The highly successful advertising campaigns run by the Training and Development Agency for Schools (TDA) have contributed significantly to increases in graduate recruitment to teaching, and there is evidence that this has had a
positive effect on schools ability to attract high quality teachers. Teacher vacancy rates are, at 0.6 per cent., now considerably lower than rates for other comparable professions.
Over 75 per cent. of new entrants to teacher training are now graduates who take a post graduate certificate of education or career changers on employment-based routes such as the graduate teacher programme. More trainee teachers than ever have a degree at 2:1 or higher.
We offer a training bursary of £9,000 to those taking a PGCE in shortage subjects, which currently include maths, science, English, modern foreign languages, technology, music and religious education. A golden hello of £5,000 is also paid for maths and science (£2,500 for the other shortage subjects) when a new teacher has completed their induction in schools. A bursary of £6,000 is offered to trainees taking a primary PGCE or a PGCE in history, geography and physical education.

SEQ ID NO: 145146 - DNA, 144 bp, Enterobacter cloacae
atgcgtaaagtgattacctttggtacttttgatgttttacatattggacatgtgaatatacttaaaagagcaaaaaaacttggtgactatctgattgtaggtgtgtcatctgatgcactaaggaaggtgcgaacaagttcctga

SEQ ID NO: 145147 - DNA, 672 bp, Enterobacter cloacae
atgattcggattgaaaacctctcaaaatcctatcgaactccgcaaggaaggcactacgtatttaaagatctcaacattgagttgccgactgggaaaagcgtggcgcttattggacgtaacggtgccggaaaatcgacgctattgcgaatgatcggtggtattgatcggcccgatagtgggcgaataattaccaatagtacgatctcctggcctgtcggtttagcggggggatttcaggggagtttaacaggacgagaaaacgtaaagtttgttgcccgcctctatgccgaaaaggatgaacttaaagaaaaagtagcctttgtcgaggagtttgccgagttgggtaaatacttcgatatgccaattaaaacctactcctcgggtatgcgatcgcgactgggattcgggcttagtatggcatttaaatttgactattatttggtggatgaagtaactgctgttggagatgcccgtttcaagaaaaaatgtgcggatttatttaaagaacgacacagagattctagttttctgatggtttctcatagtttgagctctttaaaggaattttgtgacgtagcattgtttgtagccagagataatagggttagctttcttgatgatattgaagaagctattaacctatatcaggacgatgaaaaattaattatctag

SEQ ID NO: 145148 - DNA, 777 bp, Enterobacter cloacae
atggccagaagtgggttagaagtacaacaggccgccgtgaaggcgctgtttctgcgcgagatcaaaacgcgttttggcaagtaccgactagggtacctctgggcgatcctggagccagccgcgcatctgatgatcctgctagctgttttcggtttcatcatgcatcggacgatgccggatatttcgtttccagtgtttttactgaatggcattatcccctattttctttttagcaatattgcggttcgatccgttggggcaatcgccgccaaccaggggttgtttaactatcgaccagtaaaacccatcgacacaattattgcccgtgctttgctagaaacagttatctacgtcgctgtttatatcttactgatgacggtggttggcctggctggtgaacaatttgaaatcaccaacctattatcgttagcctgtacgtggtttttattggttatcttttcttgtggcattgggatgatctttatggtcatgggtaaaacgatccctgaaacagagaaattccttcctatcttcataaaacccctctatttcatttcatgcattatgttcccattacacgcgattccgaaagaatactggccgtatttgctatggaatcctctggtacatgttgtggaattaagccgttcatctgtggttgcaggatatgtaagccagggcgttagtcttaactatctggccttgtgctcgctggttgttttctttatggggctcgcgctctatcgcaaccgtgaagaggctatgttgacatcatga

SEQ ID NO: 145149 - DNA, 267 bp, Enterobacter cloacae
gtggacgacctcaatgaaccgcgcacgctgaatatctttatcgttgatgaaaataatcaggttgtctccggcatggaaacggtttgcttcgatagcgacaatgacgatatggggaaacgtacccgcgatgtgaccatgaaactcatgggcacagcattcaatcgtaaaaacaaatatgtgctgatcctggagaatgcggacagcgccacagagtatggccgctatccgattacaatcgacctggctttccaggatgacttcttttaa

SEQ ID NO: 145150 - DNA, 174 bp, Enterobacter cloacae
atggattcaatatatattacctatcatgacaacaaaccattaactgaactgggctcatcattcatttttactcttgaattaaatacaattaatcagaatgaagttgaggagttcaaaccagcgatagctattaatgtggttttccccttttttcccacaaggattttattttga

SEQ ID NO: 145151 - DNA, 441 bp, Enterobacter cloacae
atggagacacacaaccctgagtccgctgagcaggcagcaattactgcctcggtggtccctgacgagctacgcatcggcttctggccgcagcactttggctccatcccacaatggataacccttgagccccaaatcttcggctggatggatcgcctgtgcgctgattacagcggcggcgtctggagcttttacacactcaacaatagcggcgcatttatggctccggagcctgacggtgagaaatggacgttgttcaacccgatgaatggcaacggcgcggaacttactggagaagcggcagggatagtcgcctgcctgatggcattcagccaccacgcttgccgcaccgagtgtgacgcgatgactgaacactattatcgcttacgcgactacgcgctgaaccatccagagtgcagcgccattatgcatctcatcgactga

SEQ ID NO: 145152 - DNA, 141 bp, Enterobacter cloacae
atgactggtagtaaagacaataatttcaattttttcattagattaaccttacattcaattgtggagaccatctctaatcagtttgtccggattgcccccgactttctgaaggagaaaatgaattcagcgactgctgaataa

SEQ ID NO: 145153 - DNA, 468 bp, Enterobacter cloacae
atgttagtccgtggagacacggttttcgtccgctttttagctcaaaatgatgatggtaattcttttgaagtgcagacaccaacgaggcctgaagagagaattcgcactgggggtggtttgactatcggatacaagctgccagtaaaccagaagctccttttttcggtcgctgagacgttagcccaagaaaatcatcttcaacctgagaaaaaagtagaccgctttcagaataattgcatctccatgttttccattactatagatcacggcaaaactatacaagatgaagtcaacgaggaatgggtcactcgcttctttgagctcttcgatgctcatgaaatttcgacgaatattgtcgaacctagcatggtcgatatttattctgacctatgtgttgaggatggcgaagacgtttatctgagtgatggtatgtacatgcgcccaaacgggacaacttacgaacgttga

During the past five years we have been running the student associate scheme, which focuses on maths, physics and chemistry and places high quality undergraduates in schools for up to 15 days to provide curriculum support for teachers and to carry out project work with pupils. It also gives participants a taste of teaching as a career. My right hon. Friend the Secretary of State for Innovation, Universities and Skills has just announced that participation in the scheme is to be doubled.
The Government also provides funding for Teach First a relatively new programme that recruits and trains particularly high-quality graduates to teach shortage subjects in challenging schools for two years, with the option to make a longer-term career in teaching beyond this time. In his statement to the House on 10 July, my right hon. Friend the Secretary of State for Children, Schools and Families said that he will consult on a new Teach Next programme to promote mid-career routes into teaching, especially for people from industry and the sciences.
Mr. Laws: To ask the Secretary of State for Children, Schools and Families what total funding was allocated for personalised learning in each year since 2004-05, broken down by initiative; what the planned figures are for each year to 2012-13; and if he will make a statement.